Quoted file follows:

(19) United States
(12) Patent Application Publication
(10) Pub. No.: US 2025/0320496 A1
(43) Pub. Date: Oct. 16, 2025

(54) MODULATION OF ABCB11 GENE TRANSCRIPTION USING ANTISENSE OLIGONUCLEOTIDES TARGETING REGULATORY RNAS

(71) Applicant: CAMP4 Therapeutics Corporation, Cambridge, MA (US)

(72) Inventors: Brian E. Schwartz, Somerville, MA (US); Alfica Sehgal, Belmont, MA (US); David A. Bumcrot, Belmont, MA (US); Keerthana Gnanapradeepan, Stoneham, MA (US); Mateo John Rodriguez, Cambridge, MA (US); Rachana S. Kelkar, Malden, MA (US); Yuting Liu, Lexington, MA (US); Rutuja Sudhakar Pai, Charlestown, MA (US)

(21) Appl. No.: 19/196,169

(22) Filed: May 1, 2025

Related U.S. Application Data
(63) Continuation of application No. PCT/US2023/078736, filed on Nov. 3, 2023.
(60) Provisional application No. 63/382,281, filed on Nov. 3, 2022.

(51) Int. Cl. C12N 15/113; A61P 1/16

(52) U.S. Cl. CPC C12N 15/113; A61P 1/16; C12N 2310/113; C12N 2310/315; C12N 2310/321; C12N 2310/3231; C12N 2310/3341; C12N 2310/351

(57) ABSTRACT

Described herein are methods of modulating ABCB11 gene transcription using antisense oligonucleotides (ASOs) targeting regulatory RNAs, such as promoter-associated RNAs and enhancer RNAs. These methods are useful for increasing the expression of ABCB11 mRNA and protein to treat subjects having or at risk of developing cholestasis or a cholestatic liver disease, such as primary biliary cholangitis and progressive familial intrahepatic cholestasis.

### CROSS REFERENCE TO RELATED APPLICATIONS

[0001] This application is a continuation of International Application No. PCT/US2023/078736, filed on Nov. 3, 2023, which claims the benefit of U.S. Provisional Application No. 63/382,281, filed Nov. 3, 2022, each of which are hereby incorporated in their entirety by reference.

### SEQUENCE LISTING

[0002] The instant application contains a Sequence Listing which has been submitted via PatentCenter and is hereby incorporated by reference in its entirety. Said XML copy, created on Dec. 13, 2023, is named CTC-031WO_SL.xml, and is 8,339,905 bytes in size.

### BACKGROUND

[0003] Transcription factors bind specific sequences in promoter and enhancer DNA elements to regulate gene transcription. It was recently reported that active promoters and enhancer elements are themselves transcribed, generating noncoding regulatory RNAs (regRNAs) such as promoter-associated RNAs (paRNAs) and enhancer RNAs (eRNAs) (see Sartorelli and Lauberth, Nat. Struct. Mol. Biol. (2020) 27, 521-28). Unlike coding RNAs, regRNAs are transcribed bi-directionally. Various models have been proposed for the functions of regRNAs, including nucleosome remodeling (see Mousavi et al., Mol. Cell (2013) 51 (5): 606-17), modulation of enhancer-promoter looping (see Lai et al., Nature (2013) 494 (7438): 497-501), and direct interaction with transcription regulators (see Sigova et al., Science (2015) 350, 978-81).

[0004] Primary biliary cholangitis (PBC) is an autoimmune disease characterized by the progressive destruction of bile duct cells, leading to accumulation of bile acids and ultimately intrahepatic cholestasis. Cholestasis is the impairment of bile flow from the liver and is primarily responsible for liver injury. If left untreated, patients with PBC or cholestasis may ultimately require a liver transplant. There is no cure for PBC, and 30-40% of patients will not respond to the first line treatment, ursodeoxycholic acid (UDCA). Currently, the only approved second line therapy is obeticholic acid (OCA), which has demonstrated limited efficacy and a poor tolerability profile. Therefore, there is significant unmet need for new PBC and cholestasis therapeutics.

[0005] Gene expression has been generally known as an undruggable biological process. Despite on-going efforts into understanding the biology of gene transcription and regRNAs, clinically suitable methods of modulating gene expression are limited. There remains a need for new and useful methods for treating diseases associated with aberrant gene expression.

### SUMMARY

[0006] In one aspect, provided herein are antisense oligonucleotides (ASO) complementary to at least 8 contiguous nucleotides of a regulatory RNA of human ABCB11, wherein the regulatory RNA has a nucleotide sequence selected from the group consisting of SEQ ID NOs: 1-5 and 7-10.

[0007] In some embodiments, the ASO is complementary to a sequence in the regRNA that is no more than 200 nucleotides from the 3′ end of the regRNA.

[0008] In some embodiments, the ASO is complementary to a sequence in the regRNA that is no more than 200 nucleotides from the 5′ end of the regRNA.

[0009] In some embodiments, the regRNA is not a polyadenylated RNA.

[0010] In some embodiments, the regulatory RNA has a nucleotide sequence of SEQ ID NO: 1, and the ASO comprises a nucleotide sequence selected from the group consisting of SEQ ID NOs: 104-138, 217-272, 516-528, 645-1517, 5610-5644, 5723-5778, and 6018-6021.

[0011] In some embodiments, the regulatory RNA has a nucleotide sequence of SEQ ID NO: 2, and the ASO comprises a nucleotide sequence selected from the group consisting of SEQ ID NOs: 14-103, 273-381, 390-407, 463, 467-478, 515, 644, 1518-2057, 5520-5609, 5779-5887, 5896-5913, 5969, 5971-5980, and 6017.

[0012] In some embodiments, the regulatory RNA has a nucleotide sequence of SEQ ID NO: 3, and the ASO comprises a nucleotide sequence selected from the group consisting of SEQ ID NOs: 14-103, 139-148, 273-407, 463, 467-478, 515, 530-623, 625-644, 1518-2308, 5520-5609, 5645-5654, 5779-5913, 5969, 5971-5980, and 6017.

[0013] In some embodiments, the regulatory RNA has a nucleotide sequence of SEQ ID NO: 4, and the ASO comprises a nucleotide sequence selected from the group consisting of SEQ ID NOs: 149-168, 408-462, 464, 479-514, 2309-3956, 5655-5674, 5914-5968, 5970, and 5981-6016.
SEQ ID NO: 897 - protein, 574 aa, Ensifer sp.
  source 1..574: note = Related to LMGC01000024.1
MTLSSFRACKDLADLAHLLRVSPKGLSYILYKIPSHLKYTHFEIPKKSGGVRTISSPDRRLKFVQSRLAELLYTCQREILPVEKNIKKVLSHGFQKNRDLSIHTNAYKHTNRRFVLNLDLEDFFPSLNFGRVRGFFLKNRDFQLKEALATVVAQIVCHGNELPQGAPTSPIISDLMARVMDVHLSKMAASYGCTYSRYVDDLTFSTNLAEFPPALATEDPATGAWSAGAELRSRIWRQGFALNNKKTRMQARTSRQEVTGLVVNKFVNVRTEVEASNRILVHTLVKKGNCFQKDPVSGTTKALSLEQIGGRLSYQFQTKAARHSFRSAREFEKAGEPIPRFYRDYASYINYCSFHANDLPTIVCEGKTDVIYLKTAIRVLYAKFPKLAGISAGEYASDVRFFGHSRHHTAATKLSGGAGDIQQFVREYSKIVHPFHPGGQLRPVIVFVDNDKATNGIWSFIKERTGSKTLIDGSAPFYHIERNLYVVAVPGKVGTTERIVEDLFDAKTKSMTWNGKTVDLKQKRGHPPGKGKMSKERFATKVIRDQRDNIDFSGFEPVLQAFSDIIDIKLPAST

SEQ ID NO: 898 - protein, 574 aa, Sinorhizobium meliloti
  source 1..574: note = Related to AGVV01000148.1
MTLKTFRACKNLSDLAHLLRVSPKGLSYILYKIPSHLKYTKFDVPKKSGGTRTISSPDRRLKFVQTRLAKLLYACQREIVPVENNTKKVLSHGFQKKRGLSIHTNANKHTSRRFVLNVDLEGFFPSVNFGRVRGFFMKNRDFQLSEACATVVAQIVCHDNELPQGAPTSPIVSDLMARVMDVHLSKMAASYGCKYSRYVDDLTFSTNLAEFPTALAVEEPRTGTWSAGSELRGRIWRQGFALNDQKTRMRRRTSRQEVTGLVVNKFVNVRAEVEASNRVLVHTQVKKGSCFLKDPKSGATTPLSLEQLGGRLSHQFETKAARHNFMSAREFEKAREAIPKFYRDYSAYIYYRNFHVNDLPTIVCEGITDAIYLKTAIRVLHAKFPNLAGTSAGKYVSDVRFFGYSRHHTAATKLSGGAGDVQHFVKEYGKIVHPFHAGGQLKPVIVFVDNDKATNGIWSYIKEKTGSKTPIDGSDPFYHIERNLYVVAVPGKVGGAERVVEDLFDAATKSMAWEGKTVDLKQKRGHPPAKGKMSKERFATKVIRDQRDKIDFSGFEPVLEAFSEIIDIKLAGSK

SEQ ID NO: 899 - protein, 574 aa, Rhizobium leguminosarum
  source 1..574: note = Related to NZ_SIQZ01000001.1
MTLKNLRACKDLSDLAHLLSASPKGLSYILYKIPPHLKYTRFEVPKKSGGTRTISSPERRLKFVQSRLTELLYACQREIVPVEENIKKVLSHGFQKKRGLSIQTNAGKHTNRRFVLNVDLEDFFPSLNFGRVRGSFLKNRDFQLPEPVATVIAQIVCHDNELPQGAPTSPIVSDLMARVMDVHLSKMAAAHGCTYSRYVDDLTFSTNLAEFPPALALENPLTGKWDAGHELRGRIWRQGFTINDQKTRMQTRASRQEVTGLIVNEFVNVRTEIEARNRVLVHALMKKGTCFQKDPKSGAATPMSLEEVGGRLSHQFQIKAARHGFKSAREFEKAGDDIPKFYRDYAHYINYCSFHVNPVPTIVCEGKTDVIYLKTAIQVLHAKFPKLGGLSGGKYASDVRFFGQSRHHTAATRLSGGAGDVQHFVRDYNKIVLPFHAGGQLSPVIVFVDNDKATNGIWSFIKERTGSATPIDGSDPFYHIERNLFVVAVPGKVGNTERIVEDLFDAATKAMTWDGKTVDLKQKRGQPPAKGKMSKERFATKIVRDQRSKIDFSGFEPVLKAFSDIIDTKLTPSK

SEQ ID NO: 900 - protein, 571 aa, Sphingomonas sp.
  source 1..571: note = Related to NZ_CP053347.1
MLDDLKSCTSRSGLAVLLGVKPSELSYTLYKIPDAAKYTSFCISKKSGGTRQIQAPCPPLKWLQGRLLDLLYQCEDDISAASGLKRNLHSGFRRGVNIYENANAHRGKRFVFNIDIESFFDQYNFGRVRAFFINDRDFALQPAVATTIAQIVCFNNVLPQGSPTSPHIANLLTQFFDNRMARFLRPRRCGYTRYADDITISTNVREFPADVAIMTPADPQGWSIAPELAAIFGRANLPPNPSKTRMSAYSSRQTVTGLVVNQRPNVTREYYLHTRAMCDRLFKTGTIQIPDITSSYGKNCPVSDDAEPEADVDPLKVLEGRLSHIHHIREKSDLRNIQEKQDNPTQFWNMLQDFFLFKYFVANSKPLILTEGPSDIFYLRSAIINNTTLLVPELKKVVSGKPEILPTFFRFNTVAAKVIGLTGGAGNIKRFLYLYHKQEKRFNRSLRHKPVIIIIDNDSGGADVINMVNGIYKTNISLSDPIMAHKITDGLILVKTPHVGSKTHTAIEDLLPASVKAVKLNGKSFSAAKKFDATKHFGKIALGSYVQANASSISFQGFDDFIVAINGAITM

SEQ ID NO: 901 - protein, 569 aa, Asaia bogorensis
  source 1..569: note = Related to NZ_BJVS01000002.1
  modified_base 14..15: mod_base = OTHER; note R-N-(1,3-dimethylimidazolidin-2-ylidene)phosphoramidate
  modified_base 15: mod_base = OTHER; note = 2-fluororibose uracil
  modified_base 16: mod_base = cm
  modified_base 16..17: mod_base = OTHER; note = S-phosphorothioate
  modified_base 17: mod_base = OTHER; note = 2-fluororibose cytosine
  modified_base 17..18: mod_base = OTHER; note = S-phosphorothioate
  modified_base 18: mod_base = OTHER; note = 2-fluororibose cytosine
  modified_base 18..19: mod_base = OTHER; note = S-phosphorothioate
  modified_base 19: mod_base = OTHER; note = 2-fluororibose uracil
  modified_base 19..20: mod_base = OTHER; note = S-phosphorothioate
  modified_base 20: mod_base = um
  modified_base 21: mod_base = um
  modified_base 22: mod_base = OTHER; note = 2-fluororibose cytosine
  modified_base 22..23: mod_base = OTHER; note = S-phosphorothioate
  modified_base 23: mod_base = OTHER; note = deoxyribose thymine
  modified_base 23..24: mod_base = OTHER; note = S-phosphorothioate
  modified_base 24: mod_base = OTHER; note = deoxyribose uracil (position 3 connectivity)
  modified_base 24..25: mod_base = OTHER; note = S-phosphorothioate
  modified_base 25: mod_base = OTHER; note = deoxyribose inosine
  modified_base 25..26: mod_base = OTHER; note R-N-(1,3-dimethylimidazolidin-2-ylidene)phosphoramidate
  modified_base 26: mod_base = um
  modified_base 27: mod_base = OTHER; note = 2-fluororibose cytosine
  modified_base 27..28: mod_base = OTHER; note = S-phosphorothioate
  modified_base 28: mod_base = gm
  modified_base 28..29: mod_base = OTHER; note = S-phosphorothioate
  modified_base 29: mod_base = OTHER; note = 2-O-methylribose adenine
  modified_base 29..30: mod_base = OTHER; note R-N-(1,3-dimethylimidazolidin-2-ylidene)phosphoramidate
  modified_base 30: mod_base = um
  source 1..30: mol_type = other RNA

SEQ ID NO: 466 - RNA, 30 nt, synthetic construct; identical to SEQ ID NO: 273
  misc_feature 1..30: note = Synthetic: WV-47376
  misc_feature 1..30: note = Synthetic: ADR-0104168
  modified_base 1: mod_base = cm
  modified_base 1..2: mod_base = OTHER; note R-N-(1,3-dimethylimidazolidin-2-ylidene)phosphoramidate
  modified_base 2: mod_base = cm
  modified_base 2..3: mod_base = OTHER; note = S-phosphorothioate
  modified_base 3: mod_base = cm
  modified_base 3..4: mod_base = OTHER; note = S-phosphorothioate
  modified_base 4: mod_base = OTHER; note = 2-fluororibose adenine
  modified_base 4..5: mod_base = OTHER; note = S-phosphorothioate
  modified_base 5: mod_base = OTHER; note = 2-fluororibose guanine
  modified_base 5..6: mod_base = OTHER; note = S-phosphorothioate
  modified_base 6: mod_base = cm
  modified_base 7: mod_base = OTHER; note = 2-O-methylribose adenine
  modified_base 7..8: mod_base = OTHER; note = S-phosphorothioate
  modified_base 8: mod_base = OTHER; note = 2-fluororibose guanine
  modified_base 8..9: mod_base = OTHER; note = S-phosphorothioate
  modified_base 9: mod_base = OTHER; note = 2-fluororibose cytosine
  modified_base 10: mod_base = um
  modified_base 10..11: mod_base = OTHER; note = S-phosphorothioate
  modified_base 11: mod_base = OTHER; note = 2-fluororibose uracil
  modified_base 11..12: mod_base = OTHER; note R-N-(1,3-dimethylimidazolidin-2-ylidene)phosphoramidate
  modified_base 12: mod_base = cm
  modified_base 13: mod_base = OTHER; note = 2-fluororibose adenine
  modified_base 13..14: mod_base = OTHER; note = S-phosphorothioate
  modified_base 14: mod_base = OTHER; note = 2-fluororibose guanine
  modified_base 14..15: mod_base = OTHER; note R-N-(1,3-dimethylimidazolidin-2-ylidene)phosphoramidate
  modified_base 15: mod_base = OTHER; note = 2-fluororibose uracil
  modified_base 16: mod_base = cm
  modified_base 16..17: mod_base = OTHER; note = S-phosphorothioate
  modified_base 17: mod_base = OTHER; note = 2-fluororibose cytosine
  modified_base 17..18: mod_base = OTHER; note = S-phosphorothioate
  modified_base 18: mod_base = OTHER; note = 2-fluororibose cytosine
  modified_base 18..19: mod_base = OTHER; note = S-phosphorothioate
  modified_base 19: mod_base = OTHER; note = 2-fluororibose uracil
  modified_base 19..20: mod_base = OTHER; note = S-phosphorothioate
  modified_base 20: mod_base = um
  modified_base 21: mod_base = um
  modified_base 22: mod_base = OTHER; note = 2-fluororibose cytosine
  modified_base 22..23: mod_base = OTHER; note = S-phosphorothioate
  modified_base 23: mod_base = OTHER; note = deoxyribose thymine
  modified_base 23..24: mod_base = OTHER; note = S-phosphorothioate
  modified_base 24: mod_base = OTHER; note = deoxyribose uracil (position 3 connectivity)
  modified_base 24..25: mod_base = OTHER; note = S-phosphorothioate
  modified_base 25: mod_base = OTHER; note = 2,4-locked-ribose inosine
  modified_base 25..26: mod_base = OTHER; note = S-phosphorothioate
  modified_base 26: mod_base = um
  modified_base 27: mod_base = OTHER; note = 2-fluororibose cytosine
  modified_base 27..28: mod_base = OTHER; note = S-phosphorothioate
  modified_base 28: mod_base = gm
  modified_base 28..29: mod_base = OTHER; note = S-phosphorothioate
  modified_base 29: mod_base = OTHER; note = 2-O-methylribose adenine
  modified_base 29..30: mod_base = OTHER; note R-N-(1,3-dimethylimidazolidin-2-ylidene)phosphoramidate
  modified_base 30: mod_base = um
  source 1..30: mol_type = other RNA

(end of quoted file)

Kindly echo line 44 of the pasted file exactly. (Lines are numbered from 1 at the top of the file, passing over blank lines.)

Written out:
  source 1..571: note = Related to NZ_CP053347.1